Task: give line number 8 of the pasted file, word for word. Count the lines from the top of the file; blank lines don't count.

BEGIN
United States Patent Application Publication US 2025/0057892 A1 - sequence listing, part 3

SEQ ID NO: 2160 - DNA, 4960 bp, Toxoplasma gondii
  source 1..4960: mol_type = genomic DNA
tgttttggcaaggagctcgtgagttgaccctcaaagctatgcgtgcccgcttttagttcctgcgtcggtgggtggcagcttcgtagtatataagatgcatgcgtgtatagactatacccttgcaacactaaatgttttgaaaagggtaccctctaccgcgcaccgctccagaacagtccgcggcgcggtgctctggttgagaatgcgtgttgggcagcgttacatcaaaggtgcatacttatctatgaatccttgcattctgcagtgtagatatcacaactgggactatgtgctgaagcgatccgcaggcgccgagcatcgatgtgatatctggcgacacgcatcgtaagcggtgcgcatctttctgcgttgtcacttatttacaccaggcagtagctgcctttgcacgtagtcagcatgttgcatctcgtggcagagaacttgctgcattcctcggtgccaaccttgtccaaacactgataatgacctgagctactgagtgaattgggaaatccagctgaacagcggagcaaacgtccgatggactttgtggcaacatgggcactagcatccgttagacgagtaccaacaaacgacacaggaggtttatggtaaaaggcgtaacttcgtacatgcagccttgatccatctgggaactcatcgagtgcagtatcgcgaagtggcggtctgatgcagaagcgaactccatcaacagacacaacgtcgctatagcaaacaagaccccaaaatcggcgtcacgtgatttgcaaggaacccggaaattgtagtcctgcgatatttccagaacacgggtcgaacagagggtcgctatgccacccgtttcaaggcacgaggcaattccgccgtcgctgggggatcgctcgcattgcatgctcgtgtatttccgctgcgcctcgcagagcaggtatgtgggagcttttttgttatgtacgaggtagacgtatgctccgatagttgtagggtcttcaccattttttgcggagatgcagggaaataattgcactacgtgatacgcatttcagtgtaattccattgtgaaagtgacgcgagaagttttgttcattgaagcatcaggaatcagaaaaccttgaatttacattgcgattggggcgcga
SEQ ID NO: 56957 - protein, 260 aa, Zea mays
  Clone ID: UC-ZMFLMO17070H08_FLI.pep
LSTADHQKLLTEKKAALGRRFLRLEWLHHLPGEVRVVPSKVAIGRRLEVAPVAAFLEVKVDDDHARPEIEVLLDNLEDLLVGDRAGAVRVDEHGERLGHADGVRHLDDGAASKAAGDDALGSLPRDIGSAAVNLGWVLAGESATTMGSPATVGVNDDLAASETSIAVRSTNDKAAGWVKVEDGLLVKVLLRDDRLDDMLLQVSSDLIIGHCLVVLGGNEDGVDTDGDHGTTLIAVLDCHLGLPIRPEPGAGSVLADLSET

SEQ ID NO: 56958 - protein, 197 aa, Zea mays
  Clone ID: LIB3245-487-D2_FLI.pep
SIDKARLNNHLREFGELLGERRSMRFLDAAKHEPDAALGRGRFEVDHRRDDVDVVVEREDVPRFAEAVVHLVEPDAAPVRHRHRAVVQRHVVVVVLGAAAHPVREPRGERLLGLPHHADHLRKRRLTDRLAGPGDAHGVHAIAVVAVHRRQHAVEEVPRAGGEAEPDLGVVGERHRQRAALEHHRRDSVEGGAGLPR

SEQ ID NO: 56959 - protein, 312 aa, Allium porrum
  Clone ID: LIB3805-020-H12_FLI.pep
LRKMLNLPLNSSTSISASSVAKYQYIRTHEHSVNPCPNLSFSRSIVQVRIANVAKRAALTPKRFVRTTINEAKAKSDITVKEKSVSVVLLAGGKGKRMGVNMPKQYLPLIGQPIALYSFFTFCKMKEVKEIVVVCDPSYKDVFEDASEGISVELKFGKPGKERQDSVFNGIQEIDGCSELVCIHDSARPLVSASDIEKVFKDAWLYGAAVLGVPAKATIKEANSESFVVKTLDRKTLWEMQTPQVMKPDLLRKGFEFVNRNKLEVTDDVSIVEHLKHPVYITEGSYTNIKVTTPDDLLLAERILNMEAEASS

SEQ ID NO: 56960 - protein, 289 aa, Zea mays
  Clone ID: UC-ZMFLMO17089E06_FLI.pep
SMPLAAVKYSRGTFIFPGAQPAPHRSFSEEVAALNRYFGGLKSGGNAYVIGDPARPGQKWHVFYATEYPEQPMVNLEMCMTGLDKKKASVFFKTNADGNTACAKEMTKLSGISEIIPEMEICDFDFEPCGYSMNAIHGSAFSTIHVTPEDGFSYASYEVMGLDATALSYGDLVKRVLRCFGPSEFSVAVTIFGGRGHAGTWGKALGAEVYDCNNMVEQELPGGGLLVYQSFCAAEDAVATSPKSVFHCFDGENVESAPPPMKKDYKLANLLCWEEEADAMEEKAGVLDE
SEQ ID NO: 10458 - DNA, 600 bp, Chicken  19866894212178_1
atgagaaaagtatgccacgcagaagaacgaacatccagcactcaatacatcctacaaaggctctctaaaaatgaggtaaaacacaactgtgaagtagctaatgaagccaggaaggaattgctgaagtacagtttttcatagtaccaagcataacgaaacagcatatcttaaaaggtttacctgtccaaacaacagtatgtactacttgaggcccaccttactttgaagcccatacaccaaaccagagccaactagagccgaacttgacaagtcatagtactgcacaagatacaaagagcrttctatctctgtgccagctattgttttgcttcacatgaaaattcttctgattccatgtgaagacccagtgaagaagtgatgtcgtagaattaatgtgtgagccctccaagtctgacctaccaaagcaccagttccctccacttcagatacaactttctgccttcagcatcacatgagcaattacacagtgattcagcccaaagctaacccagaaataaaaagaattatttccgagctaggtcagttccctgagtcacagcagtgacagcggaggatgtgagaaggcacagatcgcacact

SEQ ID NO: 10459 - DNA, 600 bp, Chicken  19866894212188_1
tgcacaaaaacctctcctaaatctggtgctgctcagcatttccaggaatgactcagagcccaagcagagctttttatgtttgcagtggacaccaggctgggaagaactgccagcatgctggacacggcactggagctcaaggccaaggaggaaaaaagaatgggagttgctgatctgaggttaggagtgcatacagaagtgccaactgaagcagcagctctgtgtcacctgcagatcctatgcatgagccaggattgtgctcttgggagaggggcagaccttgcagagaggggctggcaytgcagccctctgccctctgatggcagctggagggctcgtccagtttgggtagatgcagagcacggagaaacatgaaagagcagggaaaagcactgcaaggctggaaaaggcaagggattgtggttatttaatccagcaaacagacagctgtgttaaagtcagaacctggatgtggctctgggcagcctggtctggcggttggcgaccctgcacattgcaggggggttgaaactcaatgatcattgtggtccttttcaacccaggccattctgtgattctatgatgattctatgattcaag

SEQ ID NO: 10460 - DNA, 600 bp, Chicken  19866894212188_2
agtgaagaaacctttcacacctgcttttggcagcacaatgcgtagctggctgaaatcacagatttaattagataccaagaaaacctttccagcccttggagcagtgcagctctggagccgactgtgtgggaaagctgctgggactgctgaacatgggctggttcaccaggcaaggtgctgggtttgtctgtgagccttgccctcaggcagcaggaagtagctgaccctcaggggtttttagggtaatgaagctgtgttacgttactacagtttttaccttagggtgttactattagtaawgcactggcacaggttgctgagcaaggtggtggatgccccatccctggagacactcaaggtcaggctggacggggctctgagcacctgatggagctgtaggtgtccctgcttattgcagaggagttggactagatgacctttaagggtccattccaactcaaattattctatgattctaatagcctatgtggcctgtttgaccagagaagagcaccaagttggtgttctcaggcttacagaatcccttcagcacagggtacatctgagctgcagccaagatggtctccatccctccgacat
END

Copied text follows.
SEQ ID NO: 56958 - protein, 197 aa, Zea mays